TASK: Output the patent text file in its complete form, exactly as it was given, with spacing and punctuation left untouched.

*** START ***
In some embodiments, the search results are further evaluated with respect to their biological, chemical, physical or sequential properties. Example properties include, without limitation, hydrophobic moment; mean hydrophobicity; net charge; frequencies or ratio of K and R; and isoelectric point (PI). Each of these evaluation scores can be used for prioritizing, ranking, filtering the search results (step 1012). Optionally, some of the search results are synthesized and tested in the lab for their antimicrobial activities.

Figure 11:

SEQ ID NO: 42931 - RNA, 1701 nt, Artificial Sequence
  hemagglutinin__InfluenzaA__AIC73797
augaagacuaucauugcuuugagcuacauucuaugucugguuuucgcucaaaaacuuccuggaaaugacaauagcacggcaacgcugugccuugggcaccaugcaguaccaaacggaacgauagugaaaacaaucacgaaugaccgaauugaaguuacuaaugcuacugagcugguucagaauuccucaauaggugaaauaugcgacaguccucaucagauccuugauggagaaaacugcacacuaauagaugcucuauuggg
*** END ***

In some embodiments, the search results are further evaluated with respect to their biological, chemical, physical or sequential properties. Example properties include, without limitation, hydrophobic moment; mean hydrophobicity; net charge; frequencies or ratio of K and R; and isoelectric point (PI). Each of these evaluation scores can be used for prioritizing, ranking, filtering the search results (step 1012). Optionally, some of the search results are synthesized and tested in the lab for their antimicrobial activities.

Figure 11:

SEQ ID NO: 42931 - RNA, 1701 nt, Artificial Sequence
  hemagglutinin__InfluenzaA__AIC73797
augaagacuaucauugcuuugagcuacauucuaugucugguuuucgcucaaaaacuuccuggaaaugacaauagcacggcaacgcugugccuugggcaccaugcaguaccaaacggaacgauagugaaaacaaucacgaaugaccgaauugaaguuacuaaugcuacugagcugguucagaauuccucaauaggugaaauaugcgacaguccucaucagauccuugauggagaaaacugcacacuaauagaugcucuauuggg